6 Top Tips for Building a Youth Ministry Team
“Building a Youth Ministry Team is much like constructing a dry-stone wall. There are lots of modern ways of marking out a boundary… electric fences, barbed wire, fence panels, but all of them are expensive and/or temporary.
Traditional dry-stone walls are built using natural materials that are found locally. Whilst they need regular maintenance, they are
a long term sustainable option that costs very little. Each individual stone is carefully chosen and placed in just the right space. Every stone is vital, from the big foundation stones to the hidden tie stones that hold the wall together. The centre of the wall is filled with soil and rubble which allows plants and mosses to bind and strengthen the wall, but this takes time and happens naturally. Dry-stone walling is a forgotten craft in many communities, quick and expensive methods have taken its place. A beautifully constructed dry-stone wall lasts for generations, and the longer it exists the more it teems with life”.
- Think outside the box
Everyone has a role – build a balanced team. Break the ministry down into specific and needed tasks and roles (e.g. fundraising, listening, prayer support, refreshments…). Ensure the tasks and roles are real and valued, not tokenistic. Broaden people’s idea of what it looks like to be involved in Youth Ministry (e.g. not the stereotypical image of a young and extroverted youth leader). In what ways can older members of the Church and community engage? What about young people? People with disabilities? Who is God calling, and why is He calling them?
- Create a positive and infectious atmosphere
Enjoy being together as a team and getting to know one another. Rather than exhaust your team by producing more and more youth activities and events, remember to allow time to gather for food and fellowship. Jesus said (in John 13v35) “by this they will know that you are my disciples, how you love one another”. A sincere and loving atmosphere takes time to develop, but is vital, because it sets the tone for the whole youth ministry.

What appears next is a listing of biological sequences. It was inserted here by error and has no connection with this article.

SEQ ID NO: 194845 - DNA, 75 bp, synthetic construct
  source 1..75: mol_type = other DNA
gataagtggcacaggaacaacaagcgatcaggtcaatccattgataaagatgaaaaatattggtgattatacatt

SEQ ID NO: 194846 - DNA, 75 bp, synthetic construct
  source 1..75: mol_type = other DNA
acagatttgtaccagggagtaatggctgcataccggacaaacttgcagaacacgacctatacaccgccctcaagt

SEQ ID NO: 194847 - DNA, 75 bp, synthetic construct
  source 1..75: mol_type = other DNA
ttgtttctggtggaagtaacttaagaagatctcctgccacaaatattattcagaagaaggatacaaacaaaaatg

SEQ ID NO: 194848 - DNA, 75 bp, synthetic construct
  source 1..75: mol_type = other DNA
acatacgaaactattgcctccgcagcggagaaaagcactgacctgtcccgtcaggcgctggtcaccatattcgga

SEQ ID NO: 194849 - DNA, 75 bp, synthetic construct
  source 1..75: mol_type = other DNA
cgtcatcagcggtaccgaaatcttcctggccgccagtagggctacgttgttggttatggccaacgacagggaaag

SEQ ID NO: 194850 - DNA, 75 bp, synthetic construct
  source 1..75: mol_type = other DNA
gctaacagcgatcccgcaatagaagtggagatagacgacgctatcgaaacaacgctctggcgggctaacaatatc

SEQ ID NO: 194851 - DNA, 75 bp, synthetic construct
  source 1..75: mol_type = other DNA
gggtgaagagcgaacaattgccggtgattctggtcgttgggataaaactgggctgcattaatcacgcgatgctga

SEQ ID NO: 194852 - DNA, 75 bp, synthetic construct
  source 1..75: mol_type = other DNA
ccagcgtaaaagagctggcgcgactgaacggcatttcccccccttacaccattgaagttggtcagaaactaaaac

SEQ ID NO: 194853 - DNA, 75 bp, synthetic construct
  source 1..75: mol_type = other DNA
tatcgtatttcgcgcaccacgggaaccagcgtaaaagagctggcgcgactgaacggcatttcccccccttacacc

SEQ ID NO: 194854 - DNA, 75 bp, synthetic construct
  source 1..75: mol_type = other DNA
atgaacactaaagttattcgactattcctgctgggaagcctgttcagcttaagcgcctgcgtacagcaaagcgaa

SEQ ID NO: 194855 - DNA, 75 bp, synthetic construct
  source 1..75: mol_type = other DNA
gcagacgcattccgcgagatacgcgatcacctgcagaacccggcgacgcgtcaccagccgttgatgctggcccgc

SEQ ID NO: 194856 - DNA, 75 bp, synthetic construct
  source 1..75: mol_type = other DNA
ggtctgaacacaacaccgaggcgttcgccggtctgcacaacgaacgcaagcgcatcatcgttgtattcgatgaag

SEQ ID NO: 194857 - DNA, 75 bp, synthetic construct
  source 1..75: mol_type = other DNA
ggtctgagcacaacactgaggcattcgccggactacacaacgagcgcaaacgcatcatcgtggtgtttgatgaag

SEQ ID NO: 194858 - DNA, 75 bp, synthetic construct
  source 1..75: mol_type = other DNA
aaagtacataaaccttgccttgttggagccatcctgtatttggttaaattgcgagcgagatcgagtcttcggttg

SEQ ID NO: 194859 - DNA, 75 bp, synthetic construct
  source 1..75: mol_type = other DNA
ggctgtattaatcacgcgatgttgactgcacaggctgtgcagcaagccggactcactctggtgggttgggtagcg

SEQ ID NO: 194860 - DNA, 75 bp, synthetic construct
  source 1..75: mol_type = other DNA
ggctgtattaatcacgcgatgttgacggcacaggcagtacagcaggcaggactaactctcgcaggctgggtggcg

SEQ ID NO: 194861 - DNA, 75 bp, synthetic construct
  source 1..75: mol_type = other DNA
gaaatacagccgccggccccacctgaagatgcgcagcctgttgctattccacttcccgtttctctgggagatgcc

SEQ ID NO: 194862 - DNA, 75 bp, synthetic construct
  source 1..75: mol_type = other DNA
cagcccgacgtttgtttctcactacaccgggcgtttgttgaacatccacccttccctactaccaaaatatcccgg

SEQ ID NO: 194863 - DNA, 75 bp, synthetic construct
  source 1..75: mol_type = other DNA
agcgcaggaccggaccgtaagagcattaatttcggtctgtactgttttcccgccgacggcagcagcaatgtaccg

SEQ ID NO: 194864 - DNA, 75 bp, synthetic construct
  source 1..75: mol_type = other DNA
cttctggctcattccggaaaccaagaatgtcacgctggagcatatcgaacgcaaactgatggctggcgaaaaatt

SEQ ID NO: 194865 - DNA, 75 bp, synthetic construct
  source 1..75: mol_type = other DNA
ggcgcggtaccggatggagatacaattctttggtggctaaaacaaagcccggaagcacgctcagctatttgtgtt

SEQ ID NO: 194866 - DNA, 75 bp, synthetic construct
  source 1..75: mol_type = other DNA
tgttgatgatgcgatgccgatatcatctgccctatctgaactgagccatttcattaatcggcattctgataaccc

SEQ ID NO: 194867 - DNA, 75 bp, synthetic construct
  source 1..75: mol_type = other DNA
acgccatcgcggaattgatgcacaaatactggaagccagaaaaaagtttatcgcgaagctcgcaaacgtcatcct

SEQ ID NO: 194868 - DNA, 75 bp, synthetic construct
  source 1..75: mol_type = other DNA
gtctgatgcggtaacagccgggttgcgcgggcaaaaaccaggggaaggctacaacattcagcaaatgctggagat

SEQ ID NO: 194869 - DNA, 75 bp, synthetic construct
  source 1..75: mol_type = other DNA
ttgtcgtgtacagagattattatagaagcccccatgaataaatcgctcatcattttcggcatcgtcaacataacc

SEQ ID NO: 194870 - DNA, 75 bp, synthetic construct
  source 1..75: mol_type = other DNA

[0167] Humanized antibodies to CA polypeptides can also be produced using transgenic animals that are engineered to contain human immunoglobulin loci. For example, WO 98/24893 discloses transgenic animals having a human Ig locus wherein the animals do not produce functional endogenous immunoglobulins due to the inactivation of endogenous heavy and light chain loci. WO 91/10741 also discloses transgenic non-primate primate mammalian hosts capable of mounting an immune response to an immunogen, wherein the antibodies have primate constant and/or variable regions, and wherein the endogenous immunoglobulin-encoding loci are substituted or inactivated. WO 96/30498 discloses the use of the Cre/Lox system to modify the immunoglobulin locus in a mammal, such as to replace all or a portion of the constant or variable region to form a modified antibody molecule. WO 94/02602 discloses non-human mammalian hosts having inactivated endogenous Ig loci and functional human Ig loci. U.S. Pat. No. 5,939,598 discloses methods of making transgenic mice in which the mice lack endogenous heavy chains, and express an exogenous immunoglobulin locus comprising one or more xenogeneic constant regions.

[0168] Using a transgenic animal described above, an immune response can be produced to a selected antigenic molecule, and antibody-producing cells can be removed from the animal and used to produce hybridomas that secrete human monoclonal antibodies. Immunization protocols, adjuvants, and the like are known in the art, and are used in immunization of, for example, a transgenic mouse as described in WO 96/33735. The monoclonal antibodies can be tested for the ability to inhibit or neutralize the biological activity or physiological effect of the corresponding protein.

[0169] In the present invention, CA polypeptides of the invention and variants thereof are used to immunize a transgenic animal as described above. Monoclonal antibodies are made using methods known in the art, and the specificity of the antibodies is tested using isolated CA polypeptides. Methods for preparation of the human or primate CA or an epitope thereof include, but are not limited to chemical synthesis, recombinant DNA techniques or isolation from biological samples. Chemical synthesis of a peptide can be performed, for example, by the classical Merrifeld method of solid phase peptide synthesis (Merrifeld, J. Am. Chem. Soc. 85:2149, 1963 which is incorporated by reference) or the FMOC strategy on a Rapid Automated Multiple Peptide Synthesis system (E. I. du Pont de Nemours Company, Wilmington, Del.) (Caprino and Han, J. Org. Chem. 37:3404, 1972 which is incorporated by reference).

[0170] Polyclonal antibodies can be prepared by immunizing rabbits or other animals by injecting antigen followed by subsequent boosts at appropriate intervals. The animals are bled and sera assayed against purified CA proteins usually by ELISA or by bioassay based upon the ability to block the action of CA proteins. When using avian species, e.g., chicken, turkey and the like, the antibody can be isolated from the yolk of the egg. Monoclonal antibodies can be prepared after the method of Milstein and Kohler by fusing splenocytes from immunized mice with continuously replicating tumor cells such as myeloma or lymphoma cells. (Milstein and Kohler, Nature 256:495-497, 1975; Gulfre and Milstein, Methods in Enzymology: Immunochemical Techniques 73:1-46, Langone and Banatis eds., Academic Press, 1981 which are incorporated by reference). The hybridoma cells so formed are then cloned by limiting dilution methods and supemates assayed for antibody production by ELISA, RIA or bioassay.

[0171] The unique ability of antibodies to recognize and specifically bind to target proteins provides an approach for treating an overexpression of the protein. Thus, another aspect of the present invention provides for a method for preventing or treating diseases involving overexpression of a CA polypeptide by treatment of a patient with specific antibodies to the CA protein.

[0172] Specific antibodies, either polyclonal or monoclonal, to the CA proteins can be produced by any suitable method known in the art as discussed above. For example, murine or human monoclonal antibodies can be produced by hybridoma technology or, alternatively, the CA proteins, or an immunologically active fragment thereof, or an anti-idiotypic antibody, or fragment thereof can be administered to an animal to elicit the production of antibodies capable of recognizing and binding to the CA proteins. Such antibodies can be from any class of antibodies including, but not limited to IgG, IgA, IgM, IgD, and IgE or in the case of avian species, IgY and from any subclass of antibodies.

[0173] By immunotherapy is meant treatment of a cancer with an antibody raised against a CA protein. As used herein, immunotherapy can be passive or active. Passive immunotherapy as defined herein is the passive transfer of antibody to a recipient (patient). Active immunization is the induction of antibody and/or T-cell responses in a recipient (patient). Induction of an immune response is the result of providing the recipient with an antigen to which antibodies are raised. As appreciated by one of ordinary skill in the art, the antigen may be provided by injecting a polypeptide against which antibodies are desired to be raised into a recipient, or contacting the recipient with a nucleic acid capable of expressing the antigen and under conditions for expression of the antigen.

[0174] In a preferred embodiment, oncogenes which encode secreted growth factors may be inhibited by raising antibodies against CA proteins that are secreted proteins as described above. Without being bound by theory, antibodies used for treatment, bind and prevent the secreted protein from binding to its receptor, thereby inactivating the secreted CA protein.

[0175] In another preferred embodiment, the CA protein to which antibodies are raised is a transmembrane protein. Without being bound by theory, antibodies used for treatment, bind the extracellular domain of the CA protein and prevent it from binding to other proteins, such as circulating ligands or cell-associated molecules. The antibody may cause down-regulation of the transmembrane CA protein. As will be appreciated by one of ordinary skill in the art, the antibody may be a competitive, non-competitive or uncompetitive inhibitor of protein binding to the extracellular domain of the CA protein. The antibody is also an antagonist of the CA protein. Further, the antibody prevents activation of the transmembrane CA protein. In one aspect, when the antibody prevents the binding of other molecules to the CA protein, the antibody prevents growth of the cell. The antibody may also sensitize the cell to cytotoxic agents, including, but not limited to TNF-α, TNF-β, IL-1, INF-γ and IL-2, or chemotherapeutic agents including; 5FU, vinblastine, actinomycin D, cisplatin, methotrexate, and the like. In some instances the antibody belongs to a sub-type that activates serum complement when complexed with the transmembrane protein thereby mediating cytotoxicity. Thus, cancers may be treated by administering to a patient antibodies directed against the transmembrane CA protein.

- Foster the conditions for good relationships
When the relationships are warm and welcoming, the resulting natural synergy creates sparks that naturally ignite creativity, passion and long-term commitment.
- Care deeply
It almost seems to obvious to say, but it is ever so easy to dive straight into a youth group or activity without stopping to ask your team how they are… How was your day? How is your family? Do you need to be at home with your family tonight? Care deeply for your team.
- Change the language
Often people plead for help from the front of Church in an almost apologetic way which gives the impression that the youth ministry is on the back foot – no-one wants to join a sinking ship! Whilst being authentic and truthful, do also be positive and excited about why it is good to be involved. Reframe questions and requests, whether spoken or written, so that they are aspirational, visionary and full of hope. Be real about the challenges and the call to serve Jesus sacrificially, but also be positive about the very many blessings that flow from being involved in Youth Ministry.
- Try Before You Buy
Some volunteers fear that if they agree to help they are ‘signing up for life’. Why not have an open evening, or an opportunity for people to come and have a go (still within Safeguarding good practice). Often people are surprised at how good it is to simply spend time with young people, and discover that they’re not just “not scary”, they’re probably nicer than adults!
Chad Chadwick – Peterborough Diocese Youth Missioner (June 2017)